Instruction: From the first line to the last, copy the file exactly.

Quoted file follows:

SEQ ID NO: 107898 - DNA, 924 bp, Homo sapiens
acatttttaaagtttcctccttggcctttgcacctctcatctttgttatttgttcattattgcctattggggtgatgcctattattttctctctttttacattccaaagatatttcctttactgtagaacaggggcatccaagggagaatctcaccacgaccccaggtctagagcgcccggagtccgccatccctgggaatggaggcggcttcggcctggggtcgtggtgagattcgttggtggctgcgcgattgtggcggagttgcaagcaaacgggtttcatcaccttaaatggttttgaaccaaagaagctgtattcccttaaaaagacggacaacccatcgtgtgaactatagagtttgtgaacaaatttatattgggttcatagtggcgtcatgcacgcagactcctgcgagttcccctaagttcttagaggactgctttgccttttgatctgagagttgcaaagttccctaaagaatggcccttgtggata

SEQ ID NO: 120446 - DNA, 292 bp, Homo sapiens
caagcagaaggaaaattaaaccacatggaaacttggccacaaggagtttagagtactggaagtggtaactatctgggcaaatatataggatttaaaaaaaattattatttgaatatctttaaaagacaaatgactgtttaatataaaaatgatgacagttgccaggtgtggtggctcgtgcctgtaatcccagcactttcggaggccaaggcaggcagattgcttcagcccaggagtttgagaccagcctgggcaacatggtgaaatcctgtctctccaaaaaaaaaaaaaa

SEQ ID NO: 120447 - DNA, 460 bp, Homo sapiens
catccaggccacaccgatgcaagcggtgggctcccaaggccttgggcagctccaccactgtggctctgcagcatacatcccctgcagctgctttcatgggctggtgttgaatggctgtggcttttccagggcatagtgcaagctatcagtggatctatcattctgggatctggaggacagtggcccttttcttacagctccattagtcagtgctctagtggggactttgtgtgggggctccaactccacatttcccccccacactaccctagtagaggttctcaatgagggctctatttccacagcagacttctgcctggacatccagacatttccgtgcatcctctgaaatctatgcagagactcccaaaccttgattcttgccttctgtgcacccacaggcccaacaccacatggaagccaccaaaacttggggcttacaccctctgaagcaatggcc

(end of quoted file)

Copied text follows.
SEQ ID NO: 107898 - DNA, 924 bp, Homo sapiens
acatttttaaagtttcctccttggcctttgcacctctcatctttgttatttgttcattattgcctattggggtgatgcctattattttctctctttttacattccaaagatatttcctttactgtagaacaggggcatccaagggagaatctcaccacgaccccaggtctagagcgcccggagtccgccatccctgggaatggaggcggcttcggcctggggtcgtggtgagattcgttggtggctgcgcgattgtggcggagttgcaagcaaacgggtttcatcaccttaaatggttttgaaccaaagaagctgtattcccttaaaaagacggacaacccatcgtgtgaactatagagtttgtgaacaaatttatattgggttcatagtggcgtcatgcacgcagactcctgcgagttcccctaagttcttagaggactgctttgccttttgatctgagagttgcaaagttccctaaagaatggcccttgtggata

SEQ ID NO: 120446 - DNA, 292 bp, Homo sapiens
caagcagaaggaaaattaaaccacatggaaacttggccacaaggagtttagagtactggaagtggtaactatctgggcaaatatataggatttaaaaaaaattattatttgaatatctttaaaagacaaatgactgtttaatataaaaatgatgacagttgccaggtgtggtggctcgtgcctgtaatcccagcactttcggaggccaaggcaggcagattgcttcagcccaggagtttgagaccagcctgggcaacatggtgaaatcctgtctctccaaaaaaaaaaaaaa

SEQ ID NO: 120447 - DNA, 460 bp, Homo sapiens
catccaggccacaccgatgcaagcggtgggctcccaaggccttgggcagctccaccactgtggctctgcagcatacatcccctgcagctgctttcatgggctggtgttgaatggctgtggcttttccagggcatagtgcaagctatcagtggatctatcattctgggatctggaggacagtggcccttttcttacagctccattagtcagtgctctagtggggactttgtgtgggggctccaactccacatttcccccccacactaccctagtagaggttctcaatgagggctctatttccacagcagacttctgcctggacatccagacatttccgtgcatcctctgaaatctatgcagagactcccaaaccttgattcttgccttctgtgcacccacaggcccaacaccacatggaagccaccaaaacttggggcttacaccctctgaagcaatggcc